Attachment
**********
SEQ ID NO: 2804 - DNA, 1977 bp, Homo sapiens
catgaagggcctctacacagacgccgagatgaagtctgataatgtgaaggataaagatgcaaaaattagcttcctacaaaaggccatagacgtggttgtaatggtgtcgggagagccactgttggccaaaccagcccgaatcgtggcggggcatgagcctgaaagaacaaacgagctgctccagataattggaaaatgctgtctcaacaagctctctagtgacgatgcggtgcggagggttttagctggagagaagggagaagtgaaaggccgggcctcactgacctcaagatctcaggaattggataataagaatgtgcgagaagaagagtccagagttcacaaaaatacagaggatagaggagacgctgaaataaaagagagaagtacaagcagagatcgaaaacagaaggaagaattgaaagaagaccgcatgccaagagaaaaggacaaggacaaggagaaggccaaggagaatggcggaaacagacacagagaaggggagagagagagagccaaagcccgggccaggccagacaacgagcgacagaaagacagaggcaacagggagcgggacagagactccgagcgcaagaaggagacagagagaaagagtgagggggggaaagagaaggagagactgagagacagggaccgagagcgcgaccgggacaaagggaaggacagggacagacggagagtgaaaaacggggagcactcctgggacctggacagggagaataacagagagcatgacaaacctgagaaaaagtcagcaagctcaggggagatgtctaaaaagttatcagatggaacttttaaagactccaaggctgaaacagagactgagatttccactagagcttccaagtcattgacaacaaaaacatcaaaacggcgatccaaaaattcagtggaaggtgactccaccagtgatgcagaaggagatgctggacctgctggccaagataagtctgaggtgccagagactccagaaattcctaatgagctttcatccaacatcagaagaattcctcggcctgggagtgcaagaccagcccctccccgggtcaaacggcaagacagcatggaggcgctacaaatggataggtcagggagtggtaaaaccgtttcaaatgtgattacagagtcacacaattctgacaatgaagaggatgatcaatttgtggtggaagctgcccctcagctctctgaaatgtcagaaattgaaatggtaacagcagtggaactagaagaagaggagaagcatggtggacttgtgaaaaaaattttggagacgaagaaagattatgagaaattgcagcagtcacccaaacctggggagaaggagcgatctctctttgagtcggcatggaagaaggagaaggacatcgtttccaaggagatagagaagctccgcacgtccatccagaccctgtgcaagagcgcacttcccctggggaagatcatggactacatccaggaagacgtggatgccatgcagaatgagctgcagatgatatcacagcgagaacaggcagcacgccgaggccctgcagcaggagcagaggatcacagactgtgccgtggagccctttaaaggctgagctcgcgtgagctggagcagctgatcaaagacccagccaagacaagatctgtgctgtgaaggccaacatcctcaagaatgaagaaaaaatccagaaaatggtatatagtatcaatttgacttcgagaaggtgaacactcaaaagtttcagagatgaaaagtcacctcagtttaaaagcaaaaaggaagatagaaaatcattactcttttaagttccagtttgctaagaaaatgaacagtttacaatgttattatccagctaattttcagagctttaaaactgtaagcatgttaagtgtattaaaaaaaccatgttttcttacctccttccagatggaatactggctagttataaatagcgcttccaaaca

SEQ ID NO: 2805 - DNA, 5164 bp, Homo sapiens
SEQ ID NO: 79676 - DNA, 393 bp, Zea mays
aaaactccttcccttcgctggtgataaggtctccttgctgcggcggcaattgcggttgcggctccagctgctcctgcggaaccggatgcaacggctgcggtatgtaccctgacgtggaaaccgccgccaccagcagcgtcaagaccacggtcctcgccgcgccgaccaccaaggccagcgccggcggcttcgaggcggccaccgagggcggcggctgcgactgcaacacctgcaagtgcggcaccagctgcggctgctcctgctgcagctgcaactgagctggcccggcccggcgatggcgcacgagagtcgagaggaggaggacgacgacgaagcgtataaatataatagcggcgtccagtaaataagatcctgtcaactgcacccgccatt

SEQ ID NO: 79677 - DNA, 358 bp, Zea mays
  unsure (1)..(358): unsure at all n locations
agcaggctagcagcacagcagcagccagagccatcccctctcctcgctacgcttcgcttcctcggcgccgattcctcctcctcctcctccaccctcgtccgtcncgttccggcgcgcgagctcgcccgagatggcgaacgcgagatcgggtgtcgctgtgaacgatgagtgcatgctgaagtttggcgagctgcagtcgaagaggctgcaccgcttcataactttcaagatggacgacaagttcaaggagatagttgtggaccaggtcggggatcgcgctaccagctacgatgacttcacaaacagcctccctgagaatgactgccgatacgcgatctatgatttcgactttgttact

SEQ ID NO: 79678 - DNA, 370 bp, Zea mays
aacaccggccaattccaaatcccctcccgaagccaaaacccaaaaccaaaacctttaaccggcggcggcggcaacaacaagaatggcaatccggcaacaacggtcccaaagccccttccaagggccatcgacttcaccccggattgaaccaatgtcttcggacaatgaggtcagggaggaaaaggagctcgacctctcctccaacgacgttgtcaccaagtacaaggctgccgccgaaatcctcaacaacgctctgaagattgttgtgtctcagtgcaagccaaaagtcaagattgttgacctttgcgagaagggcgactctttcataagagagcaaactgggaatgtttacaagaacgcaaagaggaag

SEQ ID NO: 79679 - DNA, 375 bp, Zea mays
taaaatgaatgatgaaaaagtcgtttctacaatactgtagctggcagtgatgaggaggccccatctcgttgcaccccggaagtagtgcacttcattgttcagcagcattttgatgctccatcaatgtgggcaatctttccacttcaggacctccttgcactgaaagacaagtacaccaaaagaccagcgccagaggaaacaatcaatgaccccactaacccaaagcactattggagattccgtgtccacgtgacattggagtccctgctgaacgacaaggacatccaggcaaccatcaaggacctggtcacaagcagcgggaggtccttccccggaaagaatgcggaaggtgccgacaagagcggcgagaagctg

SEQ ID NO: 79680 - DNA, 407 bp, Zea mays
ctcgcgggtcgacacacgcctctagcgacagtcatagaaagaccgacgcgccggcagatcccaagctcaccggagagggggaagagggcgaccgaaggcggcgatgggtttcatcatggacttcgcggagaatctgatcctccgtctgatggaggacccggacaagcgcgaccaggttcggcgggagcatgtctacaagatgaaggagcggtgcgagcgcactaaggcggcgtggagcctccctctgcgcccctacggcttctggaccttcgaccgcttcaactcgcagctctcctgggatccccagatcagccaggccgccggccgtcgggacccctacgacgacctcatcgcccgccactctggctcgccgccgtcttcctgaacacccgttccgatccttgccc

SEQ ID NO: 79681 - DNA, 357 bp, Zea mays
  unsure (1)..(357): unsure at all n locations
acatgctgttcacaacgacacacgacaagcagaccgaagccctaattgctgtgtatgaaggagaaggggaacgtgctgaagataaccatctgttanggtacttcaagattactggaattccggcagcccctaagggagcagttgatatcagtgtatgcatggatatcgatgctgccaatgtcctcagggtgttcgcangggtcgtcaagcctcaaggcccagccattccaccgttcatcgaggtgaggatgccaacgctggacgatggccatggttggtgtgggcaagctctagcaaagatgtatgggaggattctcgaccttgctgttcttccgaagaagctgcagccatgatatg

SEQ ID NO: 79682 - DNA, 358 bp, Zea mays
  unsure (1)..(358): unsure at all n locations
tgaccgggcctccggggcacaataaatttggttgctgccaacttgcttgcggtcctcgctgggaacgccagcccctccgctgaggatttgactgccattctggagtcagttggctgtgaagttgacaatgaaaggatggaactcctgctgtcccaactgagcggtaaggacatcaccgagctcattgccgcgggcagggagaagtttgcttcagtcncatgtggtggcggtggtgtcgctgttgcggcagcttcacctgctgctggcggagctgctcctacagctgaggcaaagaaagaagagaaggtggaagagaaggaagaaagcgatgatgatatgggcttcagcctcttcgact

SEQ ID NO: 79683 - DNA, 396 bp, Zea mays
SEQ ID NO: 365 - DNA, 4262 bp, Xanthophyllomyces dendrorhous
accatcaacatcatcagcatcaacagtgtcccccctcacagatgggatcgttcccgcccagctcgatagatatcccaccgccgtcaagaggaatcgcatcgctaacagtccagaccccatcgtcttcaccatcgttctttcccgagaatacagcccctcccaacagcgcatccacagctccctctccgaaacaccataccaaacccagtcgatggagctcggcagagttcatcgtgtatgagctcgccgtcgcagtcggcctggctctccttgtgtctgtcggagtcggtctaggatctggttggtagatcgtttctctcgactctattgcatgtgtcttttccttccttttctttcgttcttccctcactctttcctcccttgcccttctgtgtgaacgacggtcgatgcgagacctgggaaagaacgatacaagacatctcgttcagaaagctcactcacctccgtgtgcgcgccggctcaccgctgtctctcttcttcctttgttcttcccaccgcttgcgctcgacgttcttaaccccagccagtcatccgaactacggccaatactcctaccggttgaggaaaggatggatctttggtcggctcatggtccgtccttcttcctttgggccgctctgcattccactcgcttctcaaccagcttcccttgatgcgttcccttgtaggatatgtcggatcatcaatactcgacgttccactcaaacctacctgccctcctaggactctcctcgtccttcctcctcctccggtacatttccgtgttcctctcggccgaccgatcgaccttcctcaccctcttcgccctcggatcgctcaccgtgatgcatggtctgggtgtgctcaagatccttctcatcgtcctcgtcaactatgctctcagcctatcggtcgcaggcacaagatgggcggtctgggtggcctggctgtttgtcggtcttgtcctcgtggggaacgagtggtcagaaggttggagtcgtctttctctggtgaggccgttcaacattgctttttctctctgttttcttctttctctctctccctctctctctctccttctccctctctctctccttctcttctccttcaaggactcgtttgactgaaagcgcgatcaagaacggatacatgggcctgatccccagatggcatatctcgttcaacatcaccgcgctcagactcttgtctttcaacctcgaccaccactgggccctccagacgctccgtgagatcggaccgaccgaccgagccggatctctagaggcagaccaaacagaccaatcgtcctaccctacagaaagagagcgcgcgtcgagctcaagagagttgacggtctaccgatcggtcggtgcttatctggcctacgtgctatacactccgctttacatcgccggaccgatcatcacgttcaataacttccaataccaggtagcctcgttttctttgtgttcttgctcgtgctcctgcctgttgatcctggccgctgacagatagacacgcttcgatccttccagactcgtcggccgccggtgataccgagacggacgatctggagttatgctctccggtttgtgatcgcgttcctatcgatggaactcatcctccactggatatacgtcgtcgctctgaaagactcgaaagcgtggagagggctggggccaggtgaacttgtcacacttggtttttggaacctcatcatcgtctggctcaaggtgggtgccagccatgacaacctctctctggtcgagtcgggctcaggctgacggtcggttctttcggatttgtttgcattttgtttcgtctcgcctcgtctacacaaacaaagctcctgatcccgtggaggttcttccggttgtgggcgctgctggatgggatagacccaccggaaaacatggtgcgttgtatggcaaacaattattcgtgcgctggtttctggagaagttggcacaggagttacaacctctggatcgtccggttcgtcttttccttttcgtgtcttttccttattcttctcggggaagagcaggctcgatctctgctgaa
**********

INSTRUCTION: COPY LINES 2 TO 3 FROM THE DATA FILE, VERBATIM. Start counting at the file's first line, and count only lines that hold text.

catgaagggcctctacacagacgccgagatgaagtctgataatgtgaaggataaagatgcaaaaattagcttcctacaaaaggccatagacgtggttgtaatggtgtcgggagagccactgttggccaaaccagcccgaatcgtggcggggcatgagcctgaaagaacaaacgagctgctccagataattggaaaatgctgtctcaacaagctctctagtgacgatgcggtgcggagggttttagctggagagaagggagaagtgaaaggccgggcctcactgacctcaagatctcaggaattggataataagaatgtgcgagaagaagagtccagagttcacaaaaatacagaggatagaggagacgctgaaataaaagagagaagtacaagcagagatcgaaaacagaaggaagaattgaaagaagaccgcatgccaagagaaaaggacaaggacaaggagaaggccaaggagaatggcggaaacagacacagagaaggggagagagagagagccaaagcccgggccaggccagacaacgagcgacagaaagacagaggcaacagggagcgggacagagactccgagcgcaagaaggagacagagagaaagagtgagggggggaaagagaaggagagactgagagacagggaccgagagcgcgaccgggacaaagggaaggacagggacagacggagagtgaaaaacggggagcactcctgggacctggacagggagaataacagagagcatgacaaacctgagaaaaagtcagcaagctcaggggagatgtctaaaaagttatcagatggaacttttaaagactccaaggctgaaacagagactgagatttccactagagcttccaagtcattgacaacaaaaacatcaaaacggcgatccaaaaattcagtggaaggtgactccaccagtgatgcagaaggagatgctggacctgctggccaagataagtctgaggtgccagagactccagaaattcctaatgagctttcatccaacatcagaagaattcctcggcctgggagtgcaagaccagcccctccccgggtcaaacggcaagacagcatggaggcgctacaaatggataggtcagggagtggtaaaaccgtttcaaatgtgattacagagtcacacaattctgacaatgaagaggatgatcaatttgtggtggaagctgcccctcagctctctgaaatgtcagaaattgaaatggtaacagcagtggaactagaagaagaggagaagcatggtggacttgtgaaaaaaattttggagacgaagaaagattatgagaaattgcagcagtcacccaaacctggggagaaggagcgatctctctttgagtcggcatggaagaaggagaaggacatcgtttccaaggagatagagaagctccgcacgtccatccagaccctgtgcaagagcgcacttcccctggggaagatcatggactacatccaggaagacgtggatgccatgcagaatgagctgcagatgatatcacagcgagaacaggcagcacgccgaggccctgcagcaggagcagaggatcacagactgtgccgtggagccctttaaaggctgagctcgcgtgagctggagcagctgatcaaagacccagccaagacaagatctgtgctgtgaaggccaacatcctcaagaatgaagaaaaaatccagaaaatggtatatagtatcaatttgacttcgagaaggtgaacactcaaaagtttcagagatgaaaagtcacctcagtttaaaagcaaaaaggaagatagaaaatcattactcttttaagttccagtttgctaagaaaatgaacagtttacaatgttattatccagctaattttcagagctttaaaactgtaagcatgttaagtgtattaaaaaaaccatgttttcttacctccttccagatggaatactggctagttataaatagcgcttccaaaca

SEQ ID NO: 2805 - DNA, 5164 bp, Homo sapiens